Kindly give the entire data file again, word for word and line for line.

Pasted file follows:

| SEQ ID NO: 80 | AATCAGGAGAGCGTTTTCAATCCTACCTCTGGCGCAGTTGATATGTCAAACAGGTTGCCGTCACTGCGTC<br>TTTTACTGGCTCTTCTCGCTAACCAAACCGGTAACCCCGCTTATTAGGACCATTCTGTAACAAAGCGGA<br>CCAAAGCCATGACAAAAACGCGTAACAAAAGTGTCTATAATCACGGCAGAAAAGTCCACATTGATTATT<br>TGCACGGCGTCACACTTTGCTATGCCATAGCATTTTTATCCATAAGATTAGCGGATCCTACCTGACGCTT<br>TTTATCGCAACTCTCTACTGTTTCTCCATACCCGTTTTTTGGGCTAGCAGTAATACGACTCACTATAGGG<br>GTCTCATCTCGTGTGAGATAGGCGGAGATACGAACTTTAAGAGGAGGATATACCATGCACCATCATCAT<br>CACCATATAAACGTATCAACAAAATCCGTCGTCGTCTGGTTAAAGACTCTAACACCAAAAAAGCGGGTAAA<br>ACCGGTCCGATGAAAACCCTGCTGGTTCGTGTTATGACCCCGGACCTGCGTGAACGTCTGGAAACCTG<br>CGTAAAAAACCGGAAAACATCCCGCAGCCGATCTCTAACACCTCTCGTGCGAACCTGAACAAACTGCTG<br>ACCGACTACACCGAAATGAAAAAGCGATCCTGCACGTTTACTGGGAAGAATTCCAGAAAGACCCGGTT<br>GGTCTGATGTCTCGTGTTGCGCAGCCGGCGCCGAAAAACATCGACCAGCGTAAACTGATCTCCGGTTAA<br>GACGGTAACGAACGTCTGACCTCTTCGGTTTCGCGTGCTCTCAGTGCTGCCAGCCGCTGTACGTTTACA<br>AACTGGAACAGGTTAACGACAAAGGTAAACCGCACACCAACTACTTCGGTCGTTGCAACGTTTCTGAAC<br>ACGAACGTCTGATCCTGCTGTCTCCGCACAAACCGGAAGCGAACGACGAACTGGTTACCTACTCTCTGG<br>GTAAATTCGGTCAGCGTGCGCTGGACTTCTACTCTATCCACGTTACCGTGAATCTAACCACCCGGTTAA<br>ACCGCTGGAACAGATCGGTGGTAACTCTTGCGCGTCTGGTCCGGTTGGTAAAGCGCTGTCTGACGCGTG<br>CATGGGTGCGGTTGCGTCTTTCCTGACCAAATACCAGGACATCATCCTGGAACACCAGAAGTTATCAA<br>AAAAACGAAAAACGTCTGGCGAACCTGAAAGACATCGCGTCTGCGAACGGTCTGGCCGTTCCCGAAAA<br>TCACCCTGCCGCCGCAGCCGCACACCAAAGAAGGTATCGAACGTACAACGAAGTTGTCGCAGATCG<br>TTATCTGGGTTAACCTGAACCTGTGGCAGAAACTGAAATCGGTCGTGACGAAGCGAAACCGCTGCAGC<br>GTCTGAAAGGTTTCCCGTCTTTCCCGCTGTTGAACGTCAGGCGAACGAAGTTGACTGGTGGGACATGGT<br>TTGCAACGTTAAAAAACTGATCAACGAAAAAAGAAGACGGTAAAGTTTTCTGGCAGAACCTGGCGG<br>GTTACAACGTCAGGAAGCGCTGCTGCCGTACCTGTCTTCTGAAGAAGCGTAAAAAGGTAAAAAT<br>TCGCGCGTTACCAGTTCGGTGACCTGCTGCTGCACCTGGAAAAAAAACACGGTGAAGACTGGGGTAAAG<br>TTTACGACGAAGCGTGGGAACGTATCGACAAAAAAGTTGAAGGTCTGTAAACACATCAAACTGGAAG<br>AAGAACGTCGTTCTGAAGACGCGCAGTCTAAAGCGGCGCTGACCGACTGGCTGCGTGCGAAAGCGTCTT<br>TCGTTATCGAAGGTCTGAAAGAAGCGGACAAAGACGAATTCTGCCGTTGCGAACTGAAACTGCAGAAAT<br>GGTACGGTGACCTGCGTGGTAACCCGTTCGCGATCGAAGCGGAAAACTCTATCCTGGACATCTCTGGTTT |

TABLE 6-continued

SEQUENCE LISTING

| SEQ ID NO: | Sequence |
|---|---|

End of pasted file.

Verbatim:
| SEQ ID NO: 80 | AATCAGGAGAGCGTTTTCAATCCTACCTCTGGCGCAGTTGATATGTCAAACAGGTTGCCGTCACTGCGTC<br>TTTTACTGGCTCTTCTCGCTAACCAAACCGGTAACCCCGCTTATTAGGACCATTCTGTAACAAAGCGGA<br>CCAAAGCCATGACAAAAACGCGTAACAAAAGTGTCTATAATCACGGCAGAAAAGTCCACATTGATTATT<br>TGCACGGCGTCACACTTTGCTATGCCATAGCATTTTTATCCATAAGATTAGCGGATCCTACCTGACGCTT<br>TTTATCGCAACTCTCTACTGTTTCTCCATACCCGTTTTTTGGGCTAGCAGTAATACGACTCACTATAGGG<br>GTCTCATCTCGTGTGAGATAGGCGGAGATACGAACTTTAAGAGGAGGATATACCATGCACCATCATCAT<br>CACCATATAAACGTATCAACAAAATCCGTCGTCGTCTGGTTAAAGACTCTAACACCAAAAAAGCGGGTAAA<br>ACCGGTCCGATGAAAACCCTGCTGGTTCGTGTTATGACCCCGGACCTGCGTGAACGTCTGGAAACCTG<br>CGTAAAAAACCGGAAAACATCCCGCAGCCGATCTCTAACACCTCTCGTGCGAACCTGAACAAACTGCTG<br>ACCGACTACACCGAAATGAAAAAGCGATCCTGCACGTTTACTGGGAAGAATTCCAGAAAGACCCGGTT<br>GGTCTGATGTCTCGTGTTGCGCAGCCGGCGCCGAAAAACATCGACCAGCGTAAACTGATCTCCGGTTAA<br>GACGGTAACGAACGTCTGACCTCTTCGGTTTCGCGTGCTCTCAGTGCTGCCAGCCGCTGTACGTTTACA<br>AACTGGAACAGGTTAACGACAAAGGTAAACCGCACACCAACTACTTCGGTCGTTGCAACGTTTCTGAAC<br>ACGAACGTCTGATCCTGCTGTCTCCGCACAAACCGGAAGCGAACGACGAACTGGTTACCTACTCTCTGG<br>GTAAATTCGGTCAGCGTGCGCTGGACTTCTACTCTATCCACGTTACCGTGAATCTAACCACCCGGTTAA<br>ACCGCTGGAACAGATCGGTGGTAACTCTTGCGCGTCTGGTCCGGTTGGTAAAGCGCTGTCTGACGCGTG<br>CATGGGTGCGGTTGCGTCTTTCCTGACCAAATACCAGGACATCATCCTGGAACACCAGAAGTTATCAA<br>AAAAACGAAAAACGTCTGGCGAACCTGAAAGACATCGCGTCTGCGAACGGTCTGGCCGTTCCCGAAAA<br>TCACCCTGCCGCCGCAGCCGCACACCAAAGAAGGTATCGAACGTACAACGAAGTTGTCGCAGATCG<br>TTATCTGGGTTAACCTGAACCTGTGGCAGAAACTGAAATCGGTCGTGACGAAGCGAAACCGCTGCAGC<br>GTCTGAAAGGTTTCCCGTCTTTCCCGCTGTTGAACGTCAGGCGAACGAAGTTGACTGGTGGGACATGGT<br>TTGCAACGTTAAAAAACTGATCAACGAAAAAAGAAGACGGTAAAGTTTTCTGGCAGAACCTGGCGG<br>GTTACAACGTCAGGAAGCGCTGCTGCCGTACCTGTCTTCTGAAGAAGCGTAAAAAGGTAAAAAT<br>TCGCGCGTTACCAGTTCGGTGACCTGCTGCTGCACCTGGAAAAAAAACACGGTGAAGACTGGGGTAAAG<br>TTTACGACGAAGCGTGGGAACGTATCGACAAAAAAGTTGAAGGTCTGTAAACACATCAAACTGGAAG<br>AAGAACGTCGTTCTGAAGACGCGCAGTCTAAAGCGGCGCTGACCGACTGGCTGCGTGCGAAAGCGTCTT<br>TCGTTATCGAAGGTCTGAAAGAAGCGGACAAAGACGAATTCTGCCGTTGCGAACTGAAACTGCAGAAAT<br>GGTACGGTGACCTGCGTGGTAACCCGTTCGCGATCGAAGCGGAAAACTCTATCCTGGACATCTCTGGTTT |

TABLE 6-continued

SEQUENCE LISTING

| SEQ ID NO: | Sequence |
|---|---|